When was the last time you were bored? Seriously, mind-numbingly bored. With the endless rabbit holes the internet provides or Netflixing until your eyes go blurry - it's rare for many to find that space and time to do absolutely nothing.
While the virtues of boredom are long-standing within the arts, they bear more relevance than ever today regarding knowledge work. Daily slogging with information overload is not only cognitively draining, it demands regular refueling. And slacking off, it turns out, is one of the sure fire ways to sharpen your mind as well as nourish your soul.
Deliberately On and Off
In an intimate 1974 interview Robert Pirsig, author of Zen and the Art of Motorcycle maintenance remarked:
“I deliberately enter a period of boredom just prior to writing…because ultimately it brings me down to the centre of things from which all creativity comes.”
What's important is that when you embark on creative pursuits -; you avoid incessant hours of toil. It's just as important to ensure you properly switch off just as you do switch on. Funnily, as much as we all know this - seldom do we heed the wisdom.
Alex Pang, author of Rest explains that, “Even in today’s 24/7, always-on world, we can blend work and rest together in ways that make us smarter, more creative, and happier.” The trick is to earmark time for doing nothing. This can be a designated period each day, or if it suits better, unplugging one day a week. No need to go overboard, everything in moderation. The last thing you'd want is for your life to be one reoccurring Seinfeld episode.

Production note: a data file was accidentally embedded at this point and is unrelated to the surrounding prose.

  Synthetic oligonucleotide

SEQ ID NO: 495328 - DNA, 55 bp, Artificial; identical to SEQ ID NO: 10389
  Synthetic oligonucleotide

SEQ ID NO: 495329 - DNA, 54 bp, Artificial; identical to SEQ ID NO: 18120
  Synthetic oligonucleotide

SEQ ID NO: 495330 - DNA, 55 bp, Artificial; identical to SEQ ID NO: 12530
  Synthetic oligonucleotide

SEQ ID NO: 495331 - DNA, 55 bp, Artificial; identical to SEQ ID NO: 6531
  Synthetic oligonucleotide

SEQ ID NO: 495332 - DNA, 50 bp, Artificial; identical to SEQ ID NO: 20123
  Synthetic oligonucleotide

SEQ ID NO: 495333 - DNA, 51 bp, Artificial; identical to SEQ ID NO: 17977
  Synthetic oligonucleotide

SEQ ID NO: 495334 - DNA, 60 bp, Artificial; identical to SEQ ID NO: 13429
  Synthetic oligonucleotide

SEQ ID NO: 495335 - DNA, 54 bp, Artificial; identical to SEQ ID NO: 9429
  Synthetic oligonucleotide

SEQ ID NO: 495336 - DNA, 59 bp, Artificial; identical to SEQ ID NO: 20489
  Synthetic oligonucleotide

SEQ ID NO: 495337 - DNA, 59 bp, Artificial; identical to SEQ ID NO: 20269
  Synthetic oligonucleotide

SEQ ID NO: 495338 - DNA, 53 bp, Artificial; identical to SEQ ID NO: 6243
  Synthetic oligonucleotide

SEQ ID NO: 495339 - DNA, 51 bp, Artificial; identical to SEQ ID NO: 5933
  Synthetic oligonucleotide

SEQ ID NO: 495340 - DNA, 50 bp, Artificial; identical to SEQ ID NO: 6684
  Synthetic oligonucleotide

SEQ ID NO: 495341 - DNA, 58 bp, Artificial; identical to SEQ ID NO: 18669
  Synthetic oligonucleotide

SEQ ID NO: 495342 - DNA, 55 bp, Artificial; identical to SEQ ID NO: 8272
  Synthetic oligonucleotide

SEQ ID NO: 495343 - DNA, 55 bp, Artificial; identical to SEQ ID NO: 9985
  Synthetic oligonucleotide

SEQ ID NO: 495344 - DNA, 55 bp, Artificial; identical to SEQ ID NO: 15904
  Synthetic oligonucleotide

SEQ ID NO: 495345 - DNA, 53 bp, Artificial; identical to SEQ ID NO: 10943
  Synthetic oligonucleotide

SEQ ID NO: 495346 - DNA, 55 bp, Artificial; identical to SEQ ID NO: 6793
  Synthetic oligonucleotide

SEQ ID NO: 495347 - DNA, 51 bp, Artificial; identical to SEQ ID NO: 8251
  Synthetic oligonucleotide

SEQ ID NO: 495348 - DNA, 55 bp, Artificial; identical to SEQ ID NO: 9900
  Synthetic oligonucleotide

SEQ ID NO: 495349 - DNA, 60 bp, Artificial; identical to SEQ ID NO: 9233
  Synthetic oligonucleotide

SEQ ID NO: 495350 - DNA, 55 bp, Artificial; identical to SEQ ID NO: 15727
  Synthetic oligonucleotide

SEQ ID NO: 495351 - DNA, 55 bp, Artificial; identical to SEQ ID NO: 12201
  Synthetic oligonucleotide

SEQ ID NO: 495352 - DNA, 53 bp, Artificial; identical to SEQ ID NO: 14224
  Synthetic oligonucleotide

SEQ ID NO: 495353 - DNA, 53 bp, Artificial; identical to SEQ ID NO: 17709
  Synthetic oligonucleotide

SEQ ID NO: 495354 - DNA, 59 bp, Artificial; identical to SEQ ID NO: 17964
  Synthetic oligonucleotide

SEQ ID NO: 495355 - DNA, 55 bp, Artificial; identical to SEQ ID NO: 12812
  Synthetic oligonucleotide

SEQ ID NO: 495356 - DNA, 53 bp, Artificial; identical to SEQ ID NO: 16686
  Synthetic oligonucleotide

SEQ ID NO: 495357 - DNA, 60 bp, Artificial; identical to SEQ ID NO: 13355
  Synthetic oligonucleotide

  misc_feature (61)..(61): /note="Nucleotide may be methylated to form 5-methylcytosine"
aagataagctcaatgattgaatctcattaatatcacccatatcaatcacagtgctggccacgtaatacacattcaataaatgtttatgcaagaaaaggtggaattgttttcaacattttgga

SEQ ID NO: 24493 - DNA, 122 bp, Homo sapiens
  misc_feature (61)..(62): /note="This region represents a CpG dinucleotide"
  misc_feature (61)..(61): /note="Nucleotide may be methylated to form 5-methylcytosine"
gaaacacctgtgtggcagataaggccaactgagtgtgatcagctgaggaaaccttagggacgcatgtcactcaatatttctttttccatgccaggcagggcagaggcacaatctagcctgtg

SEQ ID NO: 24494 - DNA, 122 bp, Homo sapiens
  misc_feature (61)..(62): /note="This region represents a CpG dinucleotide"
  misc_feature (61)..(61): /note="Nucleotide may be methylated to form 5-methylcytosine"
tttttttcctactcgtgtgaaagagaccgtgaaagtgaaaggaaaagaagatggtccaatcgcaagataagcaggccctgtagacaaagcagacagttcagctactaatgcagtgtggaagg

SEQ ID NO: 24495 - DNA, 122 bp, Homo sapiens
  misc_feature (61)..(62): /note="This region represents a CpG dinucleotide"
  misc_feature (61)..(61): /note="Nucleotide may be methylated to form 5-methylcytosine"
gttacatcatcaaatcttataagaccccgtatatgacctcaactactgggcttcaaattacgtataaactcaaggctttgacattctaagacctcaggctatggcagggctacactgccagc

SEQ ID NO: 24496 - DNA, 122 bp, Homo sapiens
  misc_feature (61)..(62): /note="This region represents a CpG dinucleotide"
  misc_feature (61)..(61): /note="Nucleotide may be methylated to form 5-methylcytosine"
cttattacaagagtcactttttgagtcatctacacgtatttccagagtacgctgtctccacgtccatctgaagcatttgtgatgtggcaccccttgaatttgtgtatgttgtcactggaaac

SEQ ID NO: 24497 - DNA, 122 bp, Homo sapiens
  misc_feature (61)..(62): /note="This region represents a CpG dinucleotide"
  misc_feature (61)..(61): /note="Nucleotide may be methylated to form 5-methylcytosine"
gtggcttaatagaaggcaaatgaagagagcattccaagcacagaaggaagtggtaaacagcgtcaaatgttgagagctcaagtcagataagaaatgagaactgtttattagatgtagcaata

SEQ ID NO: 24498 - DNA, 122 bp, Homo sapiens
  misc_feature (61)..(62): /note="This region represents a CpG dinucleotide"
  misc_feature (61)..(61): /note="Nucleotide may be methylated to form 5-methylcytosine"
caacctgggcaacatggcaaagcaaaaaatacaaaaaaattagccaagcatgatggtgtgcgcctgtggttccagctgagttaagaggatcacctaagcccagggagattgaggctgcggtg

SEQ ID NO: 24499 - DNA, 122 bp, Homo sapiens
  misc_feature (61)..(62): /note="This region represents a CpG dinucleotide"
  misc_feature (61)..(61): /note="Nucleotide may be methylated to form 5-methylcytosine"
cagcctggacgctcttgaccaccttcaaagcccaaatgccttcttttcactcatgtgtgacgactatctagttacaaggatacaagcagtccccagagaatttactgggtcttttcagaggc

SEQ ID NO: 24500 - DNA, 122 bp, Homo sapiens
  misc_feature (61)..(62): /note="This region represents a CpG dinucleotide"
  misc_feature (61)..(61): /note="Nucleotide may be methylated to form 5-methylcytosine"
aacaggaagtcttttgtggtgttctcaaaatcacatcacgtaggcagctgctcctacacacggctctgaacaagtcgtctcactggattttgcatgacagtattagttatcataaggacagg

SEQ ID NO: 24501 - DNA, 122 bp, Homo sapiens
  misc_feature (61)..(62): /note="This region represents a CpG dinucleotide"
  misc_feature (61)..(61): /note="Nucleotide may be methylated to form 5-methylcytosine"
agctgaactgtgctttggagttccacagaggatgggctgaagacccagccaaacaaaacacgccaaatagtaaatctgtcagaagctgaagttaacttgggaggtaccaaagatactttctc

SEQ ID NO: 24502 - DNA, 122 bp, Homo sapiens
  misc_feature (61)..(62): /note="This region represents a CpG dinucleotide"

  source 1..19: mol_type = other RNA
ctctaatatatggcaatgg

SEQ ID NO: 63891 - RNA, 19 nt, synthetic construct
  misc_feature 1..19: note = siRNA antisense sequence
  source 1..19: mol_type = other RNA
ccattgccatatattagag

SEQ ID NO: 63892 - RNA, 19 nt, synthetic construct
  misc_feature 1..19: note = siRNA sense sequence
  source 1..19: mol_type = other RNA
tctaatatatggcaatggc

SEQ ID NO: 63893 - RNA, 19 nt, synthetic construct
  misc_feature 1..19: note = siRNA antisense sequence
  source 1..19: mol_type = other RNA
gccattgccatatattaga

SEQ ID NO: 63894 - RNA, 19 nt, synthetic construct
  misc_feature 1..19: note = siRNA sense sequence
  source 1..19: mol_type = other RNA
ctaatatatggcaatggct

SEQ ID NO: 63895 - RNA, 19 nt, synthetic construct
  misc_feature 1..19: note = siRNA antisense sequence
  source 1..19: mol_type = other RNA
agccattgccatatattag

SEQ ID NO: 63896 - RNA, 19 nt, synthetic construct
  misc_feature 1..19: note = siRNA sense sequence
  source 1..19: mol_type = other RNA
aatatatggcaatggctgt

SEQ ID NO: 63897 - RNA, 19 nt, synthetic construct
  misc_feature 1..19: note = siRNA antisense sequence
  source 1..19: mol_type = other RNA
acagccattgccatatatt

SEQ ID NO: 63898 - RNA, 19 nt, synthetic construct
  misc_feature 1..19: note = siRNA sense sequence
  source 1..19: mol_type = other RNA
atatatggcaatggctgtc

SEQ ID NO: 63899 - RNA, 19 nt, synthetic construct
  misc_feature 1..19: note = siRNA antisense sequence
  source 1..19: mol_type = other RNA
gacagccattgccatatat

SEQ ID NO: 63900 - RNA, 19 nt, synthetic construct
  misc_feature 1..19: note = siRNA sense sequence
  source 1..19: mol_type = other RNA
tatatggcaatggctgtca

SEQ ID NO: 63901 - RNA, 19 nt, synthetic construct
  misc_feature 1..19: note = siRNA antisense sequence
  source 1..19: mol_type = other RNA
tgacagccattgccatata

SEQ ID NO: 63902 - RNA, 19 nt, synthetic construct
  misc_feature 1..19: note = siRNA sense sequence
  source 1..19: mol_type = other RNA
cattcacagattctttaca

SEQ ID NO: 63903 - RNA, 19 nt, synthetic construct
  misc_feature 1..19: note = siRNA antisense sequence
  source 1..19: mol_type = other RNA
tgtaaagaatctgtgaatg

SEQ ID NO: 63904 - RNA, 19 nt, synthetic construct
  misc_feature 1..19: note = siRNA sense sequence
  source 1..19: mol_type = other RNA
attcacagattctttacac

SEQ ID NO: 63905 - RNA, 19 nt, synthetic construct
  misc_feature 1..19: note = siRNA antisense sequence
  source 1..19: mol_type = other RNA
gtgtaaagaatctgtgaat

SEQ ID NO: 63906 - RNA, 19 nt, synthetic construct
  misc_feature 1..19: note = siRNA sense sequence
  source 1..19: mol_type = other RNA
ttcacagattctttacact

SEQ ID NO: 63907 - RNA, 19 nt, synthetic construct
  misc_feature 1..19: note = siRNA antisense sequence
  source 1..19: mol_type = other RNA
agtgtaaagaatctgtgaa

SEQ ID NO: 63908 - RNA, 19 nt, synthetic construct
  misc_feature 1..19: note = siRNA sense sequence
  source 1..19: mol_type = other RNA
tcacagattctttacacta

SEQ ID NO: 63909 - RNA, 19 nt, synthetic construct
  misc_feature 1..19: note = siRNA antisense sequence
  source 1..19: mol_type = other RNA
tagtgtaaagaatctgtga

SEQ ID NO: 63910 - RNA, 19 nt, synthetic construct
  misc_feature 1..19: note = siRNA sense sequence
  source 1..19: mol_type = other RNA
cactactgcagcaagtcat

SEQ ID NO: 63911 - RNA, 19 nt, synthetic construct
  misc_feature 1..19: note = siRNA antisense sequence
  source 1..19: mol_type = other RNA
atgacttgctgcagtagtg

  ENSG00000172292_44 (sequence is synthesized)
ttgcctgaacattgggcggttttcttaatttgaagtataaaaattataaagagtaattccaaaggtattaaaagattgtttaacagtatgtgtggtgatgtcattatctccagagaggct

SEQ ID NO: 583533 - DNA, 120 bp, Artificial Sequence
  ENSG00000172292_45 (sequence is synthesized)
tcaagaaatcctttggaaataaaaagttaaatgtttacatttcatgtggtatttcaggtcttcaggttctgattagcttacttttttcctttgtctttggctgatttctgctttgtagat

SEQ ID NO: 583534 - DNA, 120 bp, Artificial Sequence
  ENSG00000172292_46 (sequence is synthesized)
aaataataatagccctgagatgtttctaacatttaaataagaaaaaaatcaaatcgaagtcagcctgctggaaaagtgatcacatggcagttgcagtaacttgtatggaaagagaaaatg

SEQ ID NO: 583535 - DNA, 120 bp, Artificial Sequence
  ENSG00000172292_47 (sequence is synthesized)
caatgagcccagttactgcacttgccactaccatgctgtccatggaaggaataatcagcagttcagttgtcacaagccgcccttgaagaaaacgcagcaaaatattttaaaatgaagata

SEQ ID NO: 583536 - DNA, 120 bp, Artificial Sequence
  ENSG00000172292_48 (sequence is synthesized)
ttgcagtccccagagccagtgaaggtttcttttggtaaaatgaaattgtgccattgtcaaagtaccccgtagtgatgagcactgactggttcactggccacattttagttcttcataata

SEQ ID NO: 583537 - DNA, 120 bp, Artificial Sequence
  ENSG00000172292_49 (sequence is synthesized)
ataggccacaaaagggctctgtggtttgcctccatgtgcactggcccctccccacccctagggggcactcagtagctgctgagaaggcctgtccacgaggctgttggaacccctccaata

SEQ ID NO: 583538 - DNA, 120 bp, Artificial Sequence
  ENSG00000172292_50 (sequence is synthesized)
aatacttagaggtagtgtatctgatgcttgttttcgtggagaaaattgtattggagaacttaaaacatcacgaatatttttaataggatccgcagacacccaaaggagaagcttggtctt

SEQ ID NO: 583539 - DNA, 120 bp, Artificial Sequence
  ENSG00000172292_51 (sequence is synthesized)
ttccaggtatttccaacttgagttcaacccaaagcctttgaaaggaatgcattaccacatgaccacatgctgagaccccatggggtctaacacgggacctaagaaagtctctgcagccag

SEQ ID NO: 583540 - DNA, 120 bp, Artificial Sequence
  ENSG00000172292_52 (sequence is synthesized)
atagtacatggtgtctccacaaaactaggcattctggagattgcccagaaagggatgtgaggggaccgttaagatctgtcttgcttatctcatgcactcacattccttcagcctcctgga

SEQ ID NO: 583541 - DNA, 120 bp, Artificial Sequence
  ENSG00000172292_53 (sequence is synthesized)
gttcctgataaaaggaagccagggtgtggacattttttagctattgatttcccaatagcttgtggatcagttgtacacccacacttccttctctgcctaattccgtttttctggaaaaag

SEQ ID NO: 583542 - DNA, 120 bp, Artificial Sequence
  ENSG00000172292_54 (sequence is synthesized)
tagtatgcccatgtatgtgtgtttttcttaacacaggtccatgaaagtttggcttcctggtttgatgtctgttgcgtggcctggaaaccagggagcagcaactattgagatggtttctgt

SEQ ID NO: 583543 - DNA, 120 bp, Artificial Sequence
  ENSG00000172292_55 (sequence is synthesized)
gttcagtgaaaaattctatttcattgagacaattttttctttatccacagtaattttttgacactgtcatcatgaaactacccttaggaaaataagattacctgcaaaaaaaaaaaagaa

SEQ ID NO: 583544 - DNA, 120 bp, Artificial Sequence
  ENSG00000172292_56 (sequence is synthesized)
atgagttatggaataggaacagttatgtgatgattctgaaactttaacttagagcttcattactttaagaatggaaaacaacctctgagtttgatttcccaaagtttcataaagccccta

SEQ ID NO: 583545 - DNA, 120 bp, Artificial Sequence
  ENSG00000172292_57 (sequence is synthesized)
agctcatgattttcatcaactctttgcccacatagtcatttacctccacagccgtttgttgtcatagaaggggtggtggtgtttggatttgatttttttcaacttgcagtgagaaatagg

Walking into the Abyss
Some prefer the gaping void that walking yields. Aristotle loved waking. So did Charles Darwin. Poet and Novelist Helen Dunmore declared long walks as the best means for crystalizing ideas and for writing fiction.
Like meditation, one of the main reasons walking is so powerful is it melts the world away so your thoughts fade into the distance. You are stripped to your core self, and can just be. When you do return to your work not only have you prepared your mind for new ways of thinking, your behavior syncs with this fresh perspective. Powerful stuff if you are able to make it a ritual.
States of Nothingness
We all have cognitive biases - lots of them actually. We’re informed by the world we see around us, through social cues, by professional standards, and a tireless media. So turning off and welcoming a state of nothingness can be a great way to reset. Author and poet, Gertrude Stein was a fan:
“It takes a lot of time to be a genius, you have to sit around so much doing nothing, really doing nothing.”
Inducing a pure state boredom can lead to choiceless awareness. Conceived somewhere between philosophy, psychology, and spirituality - this type of heightened awareness means you see the present moment without preference, effort, or compulsion. Your state of mind is not premeditated so your biases can be checked at the door and you can make more rational and better decisions.
So the next time you have the opportunity to reach for the magic rectangle in your pocket or purse -; consider mastering the skill of staring into nothingness. Breathe in deep, and draw in that blissful state of boredom.